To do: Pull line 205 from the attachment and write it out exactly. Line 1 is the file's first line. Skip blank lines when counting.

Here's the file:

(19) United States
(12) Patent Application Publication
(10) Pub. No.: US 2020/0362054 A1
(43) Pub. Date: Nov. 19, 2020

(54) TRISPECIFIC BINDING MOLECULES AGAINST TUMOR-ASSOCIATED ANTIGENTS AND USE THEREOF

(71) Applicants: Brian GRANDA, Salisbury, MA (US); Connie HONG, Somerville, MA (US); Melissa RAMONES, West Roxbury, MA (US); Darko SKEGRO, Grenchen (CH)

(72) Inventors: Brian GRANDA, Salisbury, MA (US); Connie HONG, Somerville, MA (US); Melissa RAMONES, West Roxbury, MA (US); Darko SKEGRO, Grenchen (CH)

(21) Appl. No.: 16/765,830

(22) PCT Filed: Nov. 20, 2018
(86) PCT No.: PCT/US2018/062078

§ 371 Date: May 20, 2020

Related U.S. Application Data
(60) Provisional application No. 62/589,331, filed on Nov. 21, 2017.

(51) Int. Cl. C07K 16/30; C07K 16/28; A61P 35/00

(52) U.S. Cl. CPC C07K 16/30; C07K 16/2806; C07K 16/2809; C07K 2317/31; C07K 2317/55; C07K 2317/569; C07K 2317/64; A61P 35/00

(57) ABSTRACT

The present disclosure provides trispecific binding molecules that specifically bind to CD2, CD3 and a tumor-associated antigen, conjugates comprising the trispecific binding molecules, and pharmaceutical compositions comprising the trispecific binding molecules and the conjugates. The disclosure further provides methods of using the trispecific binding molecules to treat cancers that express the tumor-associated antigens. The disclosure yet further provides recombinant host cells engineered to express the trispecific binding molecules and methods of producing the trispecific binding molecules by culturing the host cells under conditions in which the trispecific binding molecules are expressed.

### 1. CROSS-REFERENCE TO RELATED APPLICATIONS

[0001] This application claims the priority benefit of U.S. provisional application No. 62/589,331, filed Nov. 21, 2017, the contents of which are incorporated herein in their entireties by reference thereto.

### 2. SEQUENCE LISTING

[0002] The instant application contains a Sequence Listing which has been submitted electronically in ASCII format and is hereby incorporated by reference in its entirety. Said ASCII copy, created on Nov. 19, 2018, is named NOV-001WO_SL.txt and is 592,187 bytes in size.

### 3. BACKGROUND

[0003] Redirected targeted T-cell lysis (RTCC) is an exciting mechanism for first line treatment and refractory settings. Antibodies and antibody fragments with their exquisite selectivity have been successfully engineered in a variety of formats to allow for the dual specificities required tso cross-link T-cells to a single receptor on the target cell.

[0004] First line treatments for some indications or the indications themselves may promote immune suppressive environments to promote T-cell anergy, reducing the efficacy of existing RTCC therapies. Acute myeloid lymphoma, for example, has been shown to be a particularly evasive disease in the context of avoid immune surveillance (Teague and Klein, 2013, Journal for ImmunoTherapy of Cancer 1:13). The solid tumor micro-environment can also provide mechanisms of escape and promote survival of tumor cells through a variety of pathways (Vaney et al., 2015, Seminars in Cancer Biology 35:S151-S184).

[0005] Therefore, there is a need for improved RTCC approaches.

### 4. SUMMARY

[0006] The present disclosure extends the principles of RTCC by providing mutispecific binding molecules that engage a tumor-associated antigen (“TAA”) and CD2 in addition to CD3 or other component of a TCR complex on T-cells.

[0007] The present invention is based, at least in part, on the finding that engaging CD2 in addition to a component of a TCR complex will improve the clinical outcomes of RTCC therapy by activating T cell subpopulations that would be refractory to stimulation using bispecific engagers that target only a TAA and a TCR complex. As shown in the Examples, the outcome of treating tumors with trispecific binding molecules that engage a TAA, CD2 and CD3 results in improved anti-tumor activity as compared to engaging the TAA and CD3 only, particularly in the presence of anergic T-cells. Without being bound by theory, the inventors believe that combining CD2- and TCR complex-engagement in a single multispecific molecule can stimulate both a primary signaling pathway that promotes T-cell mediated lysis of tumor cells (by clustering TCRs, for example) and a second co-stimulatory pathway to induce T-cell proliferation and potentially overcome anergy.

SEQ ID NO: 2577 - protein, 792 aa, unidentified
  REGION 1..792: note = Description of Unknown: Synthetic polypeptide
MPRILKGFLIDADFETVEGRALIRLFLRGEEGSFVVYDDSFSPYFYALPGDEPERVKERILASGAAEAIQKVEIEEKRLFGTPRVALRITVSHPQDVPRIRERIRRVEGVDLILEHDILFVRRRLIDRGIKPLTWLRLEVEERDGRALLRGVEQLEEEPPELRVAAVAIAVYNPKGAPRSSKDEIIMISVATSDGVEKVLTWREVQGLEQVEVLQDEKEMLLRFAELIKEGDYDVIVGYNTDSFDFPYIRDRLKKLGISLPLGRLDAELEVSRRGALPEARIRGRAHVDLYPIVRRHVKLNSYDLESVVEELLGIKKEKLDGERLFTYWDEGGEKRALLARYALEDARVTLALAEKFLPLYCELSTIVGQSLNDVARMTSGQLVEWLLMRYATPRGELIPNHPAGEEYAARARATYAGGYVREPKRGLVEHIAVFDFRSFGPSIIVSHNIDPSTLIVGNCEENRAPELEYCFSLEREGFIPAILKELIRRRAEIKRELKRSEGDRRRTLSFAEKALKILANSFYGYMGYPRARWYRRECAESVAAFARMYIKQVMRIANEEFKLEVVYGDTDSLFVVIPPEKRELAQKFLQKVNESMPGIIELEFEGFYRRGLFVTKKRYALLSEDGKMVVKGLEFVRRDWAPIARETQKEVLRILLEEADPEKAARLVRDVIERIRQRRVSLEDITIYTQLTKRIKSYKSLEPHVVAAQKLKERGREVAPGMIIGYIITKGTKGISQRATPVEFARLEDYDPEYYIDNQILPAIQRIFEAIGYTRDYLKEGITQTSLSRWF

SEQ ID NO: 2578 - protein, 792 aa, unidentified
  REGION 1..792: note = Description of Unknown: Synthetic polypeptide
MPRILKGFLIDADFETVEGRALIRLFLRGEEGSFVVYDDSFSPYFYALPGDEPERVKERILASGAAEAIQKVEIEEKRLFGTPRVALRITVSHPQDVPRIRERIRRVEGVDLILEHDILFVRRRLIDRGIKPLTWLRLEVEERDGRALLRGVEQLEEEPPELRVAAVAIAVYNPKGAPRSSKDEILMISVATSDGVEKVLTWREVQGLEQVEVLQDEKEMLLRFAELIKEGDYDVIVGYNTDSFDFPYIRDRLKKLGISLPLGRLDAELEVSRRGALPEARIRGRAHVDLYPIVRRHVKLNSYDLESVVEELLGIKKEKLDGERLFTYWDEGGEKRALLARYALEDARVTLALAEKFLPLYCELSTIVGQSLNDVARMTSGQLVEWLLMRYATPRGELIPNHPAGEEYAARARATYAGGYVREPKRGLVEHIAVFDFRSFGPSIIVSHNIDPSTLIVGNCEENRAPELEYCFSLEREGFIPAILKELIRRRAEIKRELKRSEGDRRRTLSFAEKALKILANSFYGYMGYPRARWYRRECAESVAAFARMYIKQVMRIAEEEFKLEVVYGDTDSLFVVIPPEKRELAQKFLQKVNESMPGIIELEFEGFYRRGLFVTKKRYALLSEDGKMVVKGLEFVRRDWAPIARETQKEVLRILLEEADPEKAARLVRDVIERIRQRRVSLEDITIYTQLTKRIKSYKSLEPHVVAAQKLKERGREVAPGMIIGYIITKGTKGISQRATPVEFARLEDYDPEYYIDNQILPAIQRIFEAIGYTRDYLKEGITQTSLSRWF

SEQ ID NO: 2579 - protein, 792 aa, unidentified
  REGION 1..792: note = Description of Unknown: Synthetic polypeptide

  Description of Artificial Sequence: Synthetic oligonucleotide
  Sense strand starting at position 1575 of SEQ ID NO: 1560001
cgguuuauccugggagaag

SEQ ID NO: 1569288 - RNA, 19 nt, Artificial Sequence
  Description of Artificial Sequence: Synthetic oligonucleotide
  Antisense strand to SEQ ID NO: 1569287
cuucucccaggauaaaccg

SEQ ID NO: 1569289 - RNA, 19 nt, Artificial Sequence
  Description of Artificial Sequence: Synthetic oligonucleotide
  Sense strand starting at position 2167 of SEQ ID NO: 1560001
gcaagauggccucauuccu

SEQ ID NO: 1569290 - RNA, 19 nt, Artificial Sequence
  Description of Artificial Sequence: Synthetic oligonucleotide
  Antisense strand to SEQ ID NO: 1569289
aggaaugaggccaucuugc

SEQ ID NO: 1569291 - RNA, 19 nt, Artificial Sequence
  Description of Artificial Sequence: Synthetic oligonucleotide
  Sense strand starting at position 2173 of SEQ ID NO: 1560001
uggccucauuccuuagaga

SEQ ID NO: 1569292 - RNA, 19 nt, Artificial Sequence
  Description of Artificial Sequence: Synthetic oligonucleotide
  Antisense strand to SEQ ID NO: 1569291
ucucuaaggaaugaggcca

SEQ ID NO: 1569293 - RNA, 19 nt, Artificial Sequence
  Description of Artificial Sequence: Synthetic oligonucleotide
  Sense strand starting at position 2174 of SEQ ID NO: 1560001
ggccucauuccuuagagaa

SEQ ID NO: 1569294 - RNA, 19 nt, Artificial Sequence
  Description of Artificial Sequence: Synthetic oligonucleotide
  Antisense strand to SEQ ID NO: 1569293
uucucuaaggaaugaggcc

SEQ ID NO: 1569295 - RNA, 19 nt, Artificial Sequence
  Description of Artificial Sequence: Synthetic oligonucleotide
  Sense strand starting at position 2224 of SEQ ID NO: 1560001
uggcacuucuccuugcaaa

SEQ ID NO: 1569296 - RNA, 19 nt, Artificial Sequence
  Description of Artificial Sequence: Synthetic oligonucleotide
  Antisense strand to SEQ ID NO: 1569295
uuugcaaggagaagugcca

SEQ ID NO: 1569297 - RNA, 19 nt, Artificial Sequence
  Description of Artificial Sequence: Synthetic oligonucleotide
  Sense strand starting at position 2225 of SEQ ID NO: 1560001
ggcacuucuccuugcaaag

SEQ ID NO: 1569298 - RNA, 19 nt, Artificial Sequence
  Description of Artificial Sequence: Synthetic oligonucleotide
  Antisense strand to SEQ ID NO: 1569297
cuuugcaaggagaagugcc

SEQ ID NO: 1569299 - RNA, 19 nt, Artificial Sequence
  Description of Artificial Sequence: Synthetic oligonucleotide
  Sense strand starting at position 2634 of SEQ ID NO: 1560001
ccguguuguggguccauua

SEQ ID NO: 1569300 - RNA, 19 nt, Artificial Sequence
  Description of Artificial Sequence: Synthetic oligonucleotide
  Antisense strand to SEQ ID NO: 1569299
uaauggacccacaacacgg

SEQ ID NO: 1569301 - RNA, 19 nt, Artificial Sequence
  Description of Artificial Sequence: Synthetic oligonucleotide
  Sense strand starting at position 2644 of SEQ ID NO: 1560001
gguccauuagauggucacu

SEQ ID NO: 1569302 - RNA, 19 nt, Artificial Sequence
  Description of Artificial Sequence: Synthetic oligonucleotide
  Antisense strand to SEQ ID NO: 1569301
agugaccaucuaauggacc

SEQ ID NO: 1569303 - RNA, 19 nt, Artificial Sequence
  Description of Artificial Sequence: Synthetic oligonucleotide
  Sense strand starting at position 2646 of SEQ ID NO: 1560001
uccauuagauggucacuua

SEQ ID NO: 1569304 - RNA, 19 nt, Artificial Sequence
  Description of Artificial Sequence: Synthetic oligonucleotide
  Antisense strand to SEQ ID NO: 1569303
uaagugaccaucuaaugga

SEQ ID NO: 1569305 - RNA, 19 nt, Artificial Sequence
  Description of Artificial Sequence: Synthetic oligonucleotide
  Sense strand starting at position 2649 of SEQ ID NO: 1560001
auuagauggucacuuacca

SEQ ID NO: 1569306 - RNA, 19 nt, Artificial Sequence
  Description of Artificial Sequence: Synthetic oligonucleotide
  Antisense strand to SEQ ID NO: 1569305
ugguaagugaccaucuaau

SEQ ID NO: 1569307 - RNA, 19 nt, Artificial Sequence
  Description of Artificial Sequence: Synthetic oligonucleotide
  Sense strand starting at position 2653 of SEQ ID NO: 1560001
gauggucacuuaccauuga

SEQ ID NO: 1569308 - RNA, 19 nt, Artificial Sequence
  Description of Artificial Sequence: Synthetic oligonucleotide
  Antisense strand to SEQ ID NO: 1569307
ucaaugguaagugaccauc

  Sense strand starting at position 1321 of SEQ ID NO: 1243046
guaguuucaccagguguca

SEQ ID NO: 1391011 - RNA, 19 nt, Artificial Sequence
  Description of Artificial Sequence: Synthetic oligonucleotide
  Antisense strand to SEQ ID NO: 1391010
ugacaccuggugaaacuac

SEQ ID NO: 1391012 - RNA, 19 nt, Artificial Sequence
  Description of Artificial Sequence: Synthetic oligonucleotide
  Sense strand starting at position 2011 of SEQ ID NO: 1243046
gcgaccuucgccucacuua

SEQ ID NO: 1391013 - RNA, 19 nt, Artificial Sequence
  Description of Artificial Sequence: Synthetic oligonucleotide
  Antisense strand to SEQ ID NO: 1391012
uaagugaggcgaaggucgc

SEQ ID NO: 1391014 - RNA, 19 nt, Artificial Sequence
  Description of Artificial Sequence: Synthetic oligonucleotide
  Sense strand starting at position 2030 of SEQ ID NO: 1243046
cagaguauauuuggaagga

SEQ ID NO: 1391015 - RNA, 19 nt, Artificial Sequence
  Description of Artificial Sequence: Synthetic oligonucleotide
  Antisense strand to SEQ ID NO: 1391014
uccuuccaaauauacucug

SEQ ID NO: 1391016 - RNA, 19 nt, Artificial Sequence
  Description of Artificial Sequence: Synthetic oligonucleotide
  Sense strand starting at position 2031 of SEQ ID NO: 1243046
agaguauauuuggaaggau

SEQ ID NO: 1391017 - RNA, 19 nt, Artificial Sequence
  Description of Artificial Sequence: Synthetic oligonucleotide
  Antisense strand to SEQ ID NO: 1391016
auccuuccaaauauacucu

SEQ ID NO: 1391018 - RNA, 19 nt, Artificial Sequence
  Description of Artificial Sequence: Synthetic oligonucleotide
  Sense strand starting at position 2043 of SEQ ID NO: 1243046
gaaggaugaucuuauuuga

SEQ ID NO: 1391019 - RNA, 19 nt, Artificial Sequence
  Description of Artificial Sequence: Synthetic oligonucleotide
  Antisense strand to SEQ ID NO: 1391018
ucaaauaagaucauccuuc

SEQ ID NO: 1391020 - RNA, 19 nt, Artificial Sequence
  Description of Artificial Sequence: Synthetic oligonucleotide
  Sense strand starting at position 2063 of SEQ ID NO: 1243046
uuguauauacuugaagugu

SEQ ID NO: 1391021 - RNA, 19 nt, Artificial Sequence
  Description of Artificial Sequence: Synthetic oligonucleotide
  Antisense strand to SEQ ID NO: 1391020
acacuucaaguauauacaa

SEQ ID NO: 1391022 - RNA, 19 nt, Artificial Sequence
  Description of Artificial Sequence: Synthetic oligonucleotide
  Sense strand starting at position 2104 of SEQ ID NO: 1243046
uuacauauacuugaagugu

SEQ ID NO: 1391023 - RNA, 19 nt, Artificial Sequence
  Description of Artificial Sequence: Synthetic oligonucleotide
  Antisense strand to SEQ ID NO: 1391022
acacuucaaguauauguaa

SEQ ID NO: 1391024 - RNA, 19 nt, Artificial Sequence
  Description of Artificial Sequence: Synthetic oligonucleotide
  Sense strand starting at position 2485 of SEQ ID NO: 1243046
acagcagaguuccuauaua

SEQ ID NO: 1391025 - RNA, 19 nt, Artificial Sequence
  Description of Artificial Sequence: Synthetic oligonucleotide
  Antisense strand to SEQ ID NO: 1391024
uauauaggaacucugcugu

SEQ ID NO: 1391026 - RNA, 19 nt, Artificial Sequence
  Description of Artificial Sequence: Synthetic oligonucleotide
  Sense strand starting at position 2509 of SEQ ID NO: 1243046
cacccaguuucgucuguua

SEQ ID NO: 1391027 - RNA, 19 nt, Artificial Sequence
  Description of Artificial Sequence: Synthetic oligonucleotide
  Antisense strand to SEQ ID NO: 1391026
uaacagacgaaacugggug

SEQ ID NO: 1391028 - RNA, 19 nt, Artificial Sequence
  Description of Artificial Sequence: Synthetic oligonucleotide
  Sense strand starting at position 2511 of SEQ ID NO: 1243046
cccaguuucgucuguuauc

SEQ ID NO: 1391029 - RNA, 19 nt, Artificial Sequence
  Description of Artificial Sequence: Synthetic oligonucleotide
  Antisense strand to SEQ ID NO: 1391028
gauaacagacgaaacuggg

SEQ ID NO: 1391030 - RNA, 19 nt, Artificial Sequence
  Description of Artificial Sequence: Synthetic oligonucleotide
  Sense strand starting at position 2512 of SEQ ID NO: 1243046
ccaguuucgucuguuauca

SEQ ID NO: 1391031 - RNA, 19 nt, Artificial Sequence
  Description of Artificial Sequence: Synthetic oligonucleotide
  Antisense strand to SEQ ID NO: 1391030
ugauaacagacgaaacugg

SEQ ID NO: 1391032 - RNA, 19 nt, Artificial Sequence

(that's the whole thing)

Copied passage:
ccaguuucgucuguuauca